Thursday, 28 March 2013

YORKSHIRE. Lock-ups at Holme on Spalding Moor, Wath on Dearne, Rotherham and Wakefield.

This lock-up at Holme on Spalding Moor in The East Riding of Yorkshire, is situated at Workhouse Farm, Howden Road, YO43 4BT and is now PRIVATE PROPERTY.
This interesting round tower building dates to c1790 and was for use with women from the adjacent workhouse. There was a similar structure for men which has been demolished.


OS Grid Reference: SE8083636794
OS Grid Coordinates: 480836, 436794
Latitude/Longitude: 53.8211, -0.7735

Photo courtesy of Peter Higginbotham

I am grateful to Peter Higginbotham for allowing me to copy this photograph.

It was Grade 11 listed 28.8.1987 (No.164982) and described as :

Lock-up. C1790. Brick in Flemish bond, plain tile roof. Circular on plan and approximately 5 metres in height. Small slit windows to upper part of wall. Dentilled cornice.

Source: English Heritage
Listed building text is © Crown Copyright. Reproduced under licence.



The two storey parish lock-up at Wath on  Dearne in South Yorkshire has been converted
into a dwellinghouse whilst retaining many of its previous characteristics, and is now 
PRIVATE PROPERTY. It is situated at 27 Thornhill Place, S63 6SL and dates to c.1800.
The lock-up was on the ground floor with constable's accomodation above.
OS Grid Reference: SE4316800871
OS Grid Coordinates: 443168, 400871
Latitude/Longitude: 53.5028, -1.3506
The lock-up has been fully renovated as a private house, whilst retaining many
of its original characteristics, by the present owner Mark Benton
The lock-up before it was renovated.
It was Grade 11 listed 10.10.1973 and described as :
Photo by rotherhamweb with thanks
Lock-up. Early C19. Coursed, rock-faced sandstone; stone slate roof.
Small, 2-storey building in rugged style. Plinth; deeply-coursed
ground-floor walling. Gable front: studded oak door in porch with
monolithic jambs and pediment-shaped monolithic slab roof. Window
above (now bricked-up) has rock-faced sill and lintel. Heavy rock-faced
kneelers and gable copings. End stack to left. Damaged roof. Rear:
stair projection with separate doorway and slab roof.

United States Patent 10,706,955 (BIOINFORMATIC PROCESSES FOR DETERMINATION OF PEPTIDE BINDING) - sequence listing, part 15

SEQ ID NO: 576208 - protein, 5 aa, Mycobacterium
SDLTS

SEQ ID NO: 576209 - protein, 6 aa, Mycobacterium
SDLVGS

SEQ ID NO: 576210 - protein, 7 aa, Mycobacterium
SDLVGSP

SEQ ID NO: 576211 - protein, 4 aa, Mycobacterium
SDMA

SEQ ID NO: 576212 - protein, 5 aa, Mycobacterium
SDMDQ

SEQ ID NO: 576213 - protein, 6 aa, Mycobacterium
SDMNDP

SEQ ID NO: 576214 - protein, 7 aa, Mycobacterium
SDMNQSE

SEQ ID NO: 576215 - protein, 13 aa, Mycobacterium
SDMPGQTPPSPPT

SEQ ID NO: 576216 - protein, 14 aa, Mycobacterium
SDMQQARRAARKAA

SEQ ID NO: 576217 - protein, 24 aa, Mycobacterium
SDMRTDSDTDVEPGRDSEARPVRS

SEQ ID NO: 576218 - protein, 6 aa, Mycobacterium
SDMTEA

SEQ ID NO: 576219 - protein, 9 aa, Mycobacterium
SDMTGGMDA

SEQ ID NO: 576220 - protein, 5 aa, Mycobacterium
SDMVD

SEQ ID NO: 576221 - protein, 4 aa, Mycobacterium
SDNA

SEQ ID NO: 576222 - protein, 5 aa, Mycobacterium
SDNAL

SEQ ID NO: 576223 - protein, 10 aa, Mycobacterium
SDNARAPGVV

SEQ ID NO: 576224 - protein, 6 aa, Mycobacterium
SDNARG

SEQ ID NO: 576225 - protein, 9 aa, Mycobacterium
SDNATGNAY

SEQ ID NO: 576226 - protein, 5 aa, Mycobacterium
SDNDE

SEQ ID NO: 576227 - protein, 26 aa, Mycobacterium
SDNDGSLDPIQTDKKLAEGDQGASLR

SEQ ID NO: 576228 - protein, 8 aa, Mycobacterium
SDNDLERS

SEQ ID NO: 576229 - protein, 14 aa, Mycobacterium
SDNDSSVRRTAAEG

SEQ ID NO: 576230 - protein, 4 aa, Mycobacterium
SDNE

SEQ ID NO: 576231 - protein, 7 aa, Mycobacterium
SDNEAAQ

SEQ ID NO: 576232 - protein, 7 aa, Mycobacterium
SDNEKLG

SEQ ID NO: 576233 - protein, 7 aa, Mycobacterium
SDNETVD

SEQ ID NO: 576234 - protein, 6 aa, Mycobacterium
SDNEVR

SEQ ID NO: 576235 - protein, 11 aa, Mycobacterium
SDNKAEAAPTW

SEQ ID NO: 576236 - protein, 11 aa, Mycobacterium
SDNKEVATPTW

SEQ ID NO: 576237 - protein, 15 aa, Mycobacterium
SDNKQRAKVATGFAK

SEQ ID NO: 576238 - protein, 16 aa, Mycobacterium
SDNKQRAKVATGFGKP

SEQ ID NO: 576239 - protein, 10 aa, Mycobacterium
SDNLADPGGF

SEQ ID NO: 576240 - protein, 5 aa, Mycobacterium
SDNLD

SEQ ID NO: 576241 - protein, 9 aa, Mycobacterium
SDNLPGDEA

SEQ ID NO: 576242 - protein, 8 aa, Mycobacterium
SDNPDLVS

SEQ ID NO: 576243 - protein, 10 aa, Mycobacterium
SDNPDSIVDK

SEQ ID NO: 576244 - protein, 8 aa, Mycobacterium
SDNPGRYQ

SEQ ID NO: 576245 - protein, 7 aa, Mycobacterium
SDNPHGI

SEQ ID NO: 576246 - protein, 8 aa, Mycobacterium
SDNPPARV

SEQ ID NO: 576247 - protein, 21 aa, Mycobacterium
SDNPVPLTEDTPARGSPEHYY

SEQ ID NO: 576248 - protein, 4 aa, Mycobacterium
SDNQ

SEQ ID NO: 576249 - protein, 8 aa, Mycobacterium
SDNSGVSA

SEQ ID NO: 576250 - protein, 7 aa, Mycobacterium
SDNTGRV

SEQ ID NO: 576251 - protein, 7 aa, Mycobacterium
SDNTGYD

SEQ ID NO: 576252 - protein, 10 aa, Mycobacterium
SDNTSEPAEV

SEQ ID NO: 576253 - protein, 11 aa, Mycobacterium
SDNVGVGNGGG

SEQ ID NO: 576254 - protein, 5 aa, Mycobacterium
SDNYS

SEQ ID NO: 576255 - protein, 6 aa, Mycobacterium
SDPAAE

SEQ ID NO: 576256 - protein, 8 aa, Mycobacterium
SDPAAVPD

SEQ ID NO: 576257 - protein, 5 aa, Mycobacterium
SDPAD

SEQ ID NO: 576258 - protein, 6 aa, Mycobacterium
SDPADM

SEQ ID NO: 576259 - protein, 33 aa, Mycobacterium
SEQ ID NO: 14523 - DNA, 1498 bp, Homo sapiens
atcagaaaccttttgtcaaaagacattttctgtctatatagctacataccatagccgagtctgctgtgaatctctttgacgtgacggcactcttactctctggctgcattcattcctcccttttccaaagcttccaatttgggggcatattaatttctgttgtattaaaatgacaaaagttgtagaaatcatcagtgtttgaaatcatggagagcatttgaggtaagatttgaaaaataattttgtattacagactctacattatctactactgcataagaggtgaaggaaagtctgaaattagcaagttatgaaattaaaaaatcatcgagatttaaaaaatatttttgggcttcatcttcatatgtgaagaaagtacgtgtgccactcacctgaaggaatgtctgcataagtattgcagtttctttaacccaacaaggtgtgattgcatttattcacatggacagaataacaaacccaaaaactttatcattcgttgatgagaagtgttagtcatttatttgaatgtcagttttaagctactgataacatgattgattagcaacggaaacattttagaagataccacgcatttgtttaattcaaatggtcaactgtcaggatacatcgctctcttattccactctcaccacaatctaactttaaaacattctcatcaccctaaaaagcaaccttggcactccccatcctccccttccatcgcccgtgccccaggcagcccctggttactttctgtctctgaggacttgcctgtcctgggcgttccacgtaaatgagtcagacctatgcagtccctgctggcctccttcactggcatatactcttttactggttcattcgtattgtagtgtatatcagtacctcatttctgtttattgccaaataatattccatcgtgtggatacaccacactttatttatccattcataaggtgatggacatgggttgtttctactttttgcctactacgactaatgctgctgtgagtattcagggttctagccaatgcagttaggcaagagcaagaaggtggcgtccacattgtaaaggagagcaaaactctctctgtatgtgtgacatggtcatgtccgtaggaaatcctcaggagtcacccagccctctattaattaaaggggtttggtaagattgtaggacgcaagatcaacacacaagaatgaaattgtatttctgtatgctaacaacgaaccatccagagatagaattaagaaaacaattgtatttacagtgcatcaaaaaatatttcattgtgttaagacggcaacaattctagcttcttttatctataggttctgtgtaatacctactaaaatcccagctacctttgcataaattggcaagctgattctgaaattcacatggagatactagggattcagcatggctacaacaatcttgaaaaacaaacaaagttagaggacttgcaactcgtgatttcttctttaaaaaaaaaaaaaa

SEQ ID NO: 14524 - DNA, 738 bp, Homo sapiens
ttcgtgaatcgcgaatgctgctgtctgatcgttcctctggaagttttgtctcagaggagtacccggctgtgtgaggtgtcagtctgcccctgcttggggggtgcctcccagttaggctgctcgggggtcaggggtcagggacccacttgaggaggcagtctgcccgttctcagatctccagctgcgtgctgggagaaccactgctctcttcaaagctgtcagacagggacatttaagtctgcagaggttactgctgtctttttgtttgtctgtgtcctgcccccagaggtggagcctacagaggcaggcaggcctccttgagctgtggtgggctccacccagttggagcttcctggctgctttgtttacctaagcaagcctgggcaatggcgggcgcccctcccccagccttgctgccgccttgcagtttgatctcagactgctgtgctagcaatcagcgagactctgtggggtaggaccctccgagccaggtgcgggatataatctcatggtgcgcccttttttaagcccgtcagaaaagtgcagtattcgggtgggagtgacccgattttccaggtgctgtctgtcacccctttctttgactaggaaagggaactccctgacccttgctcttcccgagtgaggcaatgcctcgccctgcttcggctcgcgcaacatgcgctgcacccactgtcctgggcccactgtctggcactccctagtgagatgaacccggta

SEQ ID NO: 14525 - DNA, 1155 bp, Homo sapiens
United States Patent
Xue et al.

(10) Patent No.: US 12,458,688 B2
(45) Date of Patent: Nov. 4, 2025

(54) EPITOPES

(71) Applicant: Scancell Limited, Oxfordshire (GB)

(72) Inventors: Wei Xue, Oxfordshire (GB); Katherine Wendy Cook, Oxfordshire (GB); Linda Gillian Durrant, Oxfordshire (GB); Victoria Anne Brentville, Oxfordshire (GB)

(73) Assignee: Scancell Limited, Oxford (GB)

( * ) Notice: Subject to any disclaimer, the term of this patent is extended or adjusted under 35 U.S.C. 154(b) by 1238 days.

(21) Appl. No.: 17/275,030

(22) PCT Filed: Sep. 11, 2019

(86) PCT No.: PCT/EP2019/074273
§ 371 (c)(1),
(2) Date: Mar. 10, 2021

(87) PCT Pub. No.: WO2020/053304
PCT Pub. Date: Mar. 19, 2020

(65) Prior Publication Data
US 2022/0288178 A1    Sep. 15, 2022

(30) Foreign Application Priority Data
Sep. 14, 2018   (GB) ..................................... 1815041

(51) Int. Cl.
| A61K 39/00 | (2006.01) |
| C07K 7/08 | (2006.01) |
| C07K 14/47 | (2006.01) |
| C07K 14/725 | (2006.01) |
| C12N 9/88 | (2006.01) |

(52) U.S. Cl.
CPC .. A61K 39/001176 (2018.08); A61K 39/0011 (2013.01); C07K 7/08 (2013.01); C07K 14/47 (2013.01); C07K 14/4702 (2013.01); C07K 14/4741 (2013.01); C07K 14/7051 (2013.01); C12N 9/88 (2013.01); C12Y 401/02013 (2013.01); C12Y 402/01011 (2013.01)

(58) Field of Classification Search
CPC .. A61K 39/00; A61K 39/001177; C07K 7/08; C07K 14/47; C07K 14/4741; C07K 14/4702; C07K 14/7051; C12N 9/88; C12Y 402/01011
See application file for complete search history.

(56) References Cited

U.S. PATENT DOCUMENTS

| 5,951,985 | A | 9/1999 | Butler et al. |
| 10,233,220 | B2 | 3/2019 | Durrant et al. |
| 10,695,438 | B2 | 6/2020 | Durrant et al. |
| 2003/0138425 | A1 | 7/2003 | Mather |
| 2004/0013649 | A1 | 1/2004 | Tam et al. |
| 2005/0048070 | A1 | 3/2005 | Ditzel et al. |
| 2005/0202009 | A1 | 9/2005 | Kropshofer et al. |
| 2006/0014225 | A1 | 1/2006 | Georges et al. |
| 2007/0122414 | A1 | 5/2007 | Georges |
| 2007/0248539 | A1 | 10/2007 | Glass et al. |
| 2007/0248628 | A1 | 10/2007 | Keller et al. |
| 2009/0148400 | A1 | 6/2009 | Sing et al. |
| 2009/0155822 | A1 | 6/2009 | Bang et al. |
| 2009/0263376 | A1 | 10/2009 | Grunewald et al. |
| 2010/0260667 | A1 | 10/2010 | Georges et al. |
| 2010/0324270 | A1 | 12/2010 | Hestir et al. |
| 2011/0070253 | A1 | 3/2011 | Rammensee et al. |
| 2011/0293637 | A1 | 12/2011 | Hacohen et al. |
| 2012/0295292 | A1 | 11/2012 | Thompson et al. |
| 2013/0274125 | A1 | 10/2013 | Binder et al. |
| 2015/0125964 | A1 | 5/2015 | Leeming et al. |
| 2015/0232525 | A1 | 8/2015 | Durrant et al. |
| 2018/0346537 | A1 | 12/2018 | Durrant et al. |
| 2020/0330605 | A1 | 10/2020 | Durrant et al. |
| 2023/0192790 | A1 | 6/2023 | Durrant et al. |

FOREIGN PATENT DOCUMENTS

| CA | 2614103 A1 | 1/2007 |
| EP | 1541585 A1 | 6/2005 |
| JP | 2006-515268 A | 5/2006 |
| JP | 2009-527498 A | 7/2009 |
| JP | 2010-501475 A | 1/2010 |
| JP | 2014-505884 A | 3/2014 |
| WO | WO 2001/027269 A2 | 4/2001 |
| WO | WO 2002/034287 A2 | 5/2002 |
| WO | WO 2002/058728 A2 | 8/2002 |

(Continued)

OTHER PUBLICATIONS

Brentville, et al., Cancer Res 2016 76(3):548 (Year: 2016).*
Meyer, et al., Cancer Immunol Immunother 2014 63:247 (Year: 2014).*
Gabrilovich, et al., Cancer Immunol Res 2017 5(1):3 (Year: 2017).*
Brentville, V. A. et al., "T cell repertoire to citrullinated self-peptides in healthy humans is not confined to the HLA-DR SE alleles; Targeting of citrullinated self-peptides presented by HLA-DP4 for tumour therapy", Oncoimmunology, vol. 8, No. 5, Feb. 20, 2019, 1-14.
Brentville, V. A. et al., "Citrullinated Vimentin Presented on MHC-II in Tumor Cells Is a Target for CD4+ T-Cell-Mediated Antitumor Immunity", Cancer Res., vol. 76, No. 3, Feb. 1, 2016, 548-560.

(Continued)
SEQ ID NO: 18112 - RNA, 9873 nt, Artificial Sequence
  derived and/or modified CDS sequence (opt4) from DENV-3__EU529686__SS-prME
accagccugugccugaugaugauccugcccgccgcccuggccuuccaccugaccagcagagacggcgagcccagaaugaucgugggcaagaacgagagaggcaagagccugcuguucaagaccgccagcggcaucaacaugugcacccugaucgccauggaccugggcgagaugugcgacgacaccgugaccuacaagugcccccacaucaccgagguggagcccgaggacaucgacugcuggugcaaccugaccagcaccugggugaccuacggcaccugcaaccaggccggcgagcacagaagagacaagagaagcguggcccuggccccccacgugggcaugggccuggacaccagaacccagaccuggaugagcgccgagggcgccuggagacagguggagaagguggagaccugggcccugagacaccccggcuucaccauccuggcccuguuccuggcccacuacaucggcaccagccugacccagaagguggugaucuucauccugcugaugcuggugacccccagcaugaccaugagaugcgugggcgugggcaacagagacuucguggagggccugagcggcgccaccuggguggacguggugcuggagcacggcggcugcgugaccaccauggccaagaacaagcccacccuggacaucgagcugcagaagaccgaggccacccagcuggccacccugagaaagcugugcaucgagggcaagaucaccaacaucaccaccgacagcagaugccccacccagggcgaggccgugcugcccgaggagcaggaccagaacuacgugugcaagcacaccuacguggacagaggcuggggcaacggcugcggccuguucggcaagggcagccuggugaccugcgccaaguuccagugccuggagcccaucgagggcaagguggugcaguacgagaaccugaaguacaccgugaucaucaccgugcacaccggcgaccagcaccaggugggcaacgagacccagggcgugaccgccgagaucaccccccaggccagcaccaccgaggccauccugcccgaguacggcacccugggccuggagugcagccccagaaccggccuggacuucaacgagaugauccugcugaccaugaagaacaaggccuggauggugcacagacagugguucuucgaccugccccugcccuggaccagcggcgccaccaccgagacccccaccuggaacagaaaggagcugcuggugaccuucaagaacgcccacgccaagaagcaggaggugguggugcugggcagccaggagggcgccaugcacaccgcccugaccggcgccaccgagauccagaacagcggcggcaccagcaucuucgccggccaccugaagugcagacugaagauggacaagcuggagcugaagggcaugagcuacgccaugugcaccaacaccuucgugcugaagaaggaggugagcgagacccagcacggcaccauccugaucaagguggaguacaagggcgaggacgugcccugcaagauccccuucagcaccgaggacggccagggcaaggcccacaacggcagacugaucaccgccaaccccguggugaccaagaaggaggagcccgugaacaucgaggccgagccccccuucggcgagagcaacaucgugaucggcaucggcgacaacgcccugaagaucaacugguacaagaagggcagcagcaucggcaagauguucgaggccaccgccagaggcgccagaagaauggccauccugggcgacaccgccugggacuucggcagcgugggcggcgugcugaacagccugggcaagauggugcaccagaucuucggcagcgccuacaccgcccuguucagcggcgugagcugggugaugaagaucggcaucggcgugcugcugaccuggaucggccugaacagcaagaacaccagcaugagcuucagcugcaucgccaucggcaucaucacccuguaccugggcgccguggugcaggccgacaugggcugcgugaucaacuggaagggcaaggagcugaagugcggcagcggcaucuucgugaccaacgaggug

Interior: 2 cells with ashlared walls pierced by small light holes.
Stone toilet to each cell. Constable's room on 1st floor has fireplace '.

Source: English Heritage
Listed building text is Crown copyright. Reproduced under licence.

Postcards of the lock-up prior to conversion to dwelling


Website relates :
  The lock up was built around 1800.
It was used by constable to provided secure temporary accommodation until drunks and troublemakers could be moved to Rotherham.
 It comprised two small, windowless, stone cells, whose separate padlocked doors lay immediately behind a nail-studded front door. It has a stone staircase at the back which led up to the constable’s simple room above the cells.
William Woollen was constable in 1849.
The last village constable was William Thomas in the mid-nineteenth century.
Their duties as Constable were extensive, paying lame soldiers of the parish and making sure wandering beggars did not become a burden on the village.
It is believed that the Parish lock up was not used after 1837.
In 1881 a 52 year-old widow, Rose Awty, lived in the lock-up. Her husband William had been a licensed hawker. He was a local man but Rose was born in Burton on Trent.
In 1922 Charles Godfrey Woodhead rented the top floor from Mr. Blackburn of Thornhill and wanted to “turn this into a habitable cottage” .

The solid stone porch has been retained

Cell door still in use

The constables fireplace has been retained

With many thanks to present owner Mark Benton for allowing me to copy photographs and information from his web site

This lock-up at Rotherham in South Yorkshire, was situated in the Chapel of Our Lady (Bridge Chapel), Bridge Street, S60 1RB which dates to 1483 and is a Grade 1 listed building. The chapel was used as a lock-up in 1779 before becoming a private house in 1826. The doors to the lock-up are still preserved in the undercroft.
Photo by Stanley Walker on Geograph
 © Copyright Stanley Walker and licensed for reuse under this Creative Commons Licence
The chapel was Grade 1 listed 19.10.1951 and described as :
Bridge chapel. 1483, exterior restored 1924, interior restored 1980. Deeply-coursed, ashlar sandstone; roof not visible. Small gable-entry building set on north side of Rotherham Bridge (q.v.).  Interior: unimproved undercroft with remains of cell doors. C20 interior. Probably founded by Archbishop Thomas Rotherham. In 1483 John Bokying bequeathed 3s 4d to the fabric of the chapel to be built on Rotherham Bridge (Hey). Used as an almshouse before serving as town jail in 1779 (doors preserved in undercroft), used as private house from 1826 but became tobacconist's shop from 1888-1913. Reconsecrated 1924. D. Hey, 'Rotherham Bridge', Archaeological Journal, vol 137, 1980, p430. P. F. Ryder, Medieval Buildings of Yorkshire, 1982, p82 (plate).
Source: English Heritage
Listed building text is © Crown Copyright. Reproduced under licence.
This lock-up at Wakefield in  West Yorkshire, was also situated in a chantry chapel on the old bridge over the River Calder on the A61, WF1 1US.  It is also Grade 1 listed and dates to the mid 14th century. Together with Rotherham it is one of only four such bridge chapels remaining in the country.
At the Dissolution the chapel fell into secular use and was variously used for commercial purposes.
Although details are sparse, at some stage it became a lock-up when the small crypt was used as a cell and the main body of the chapel was used by the constable.


 OS Grid Reference: SE3382320140
OS Grid Coordinates: 433823, 420140
Latitude/Longitude: 53.6766, -1.4894

Photo by Roy Pledger

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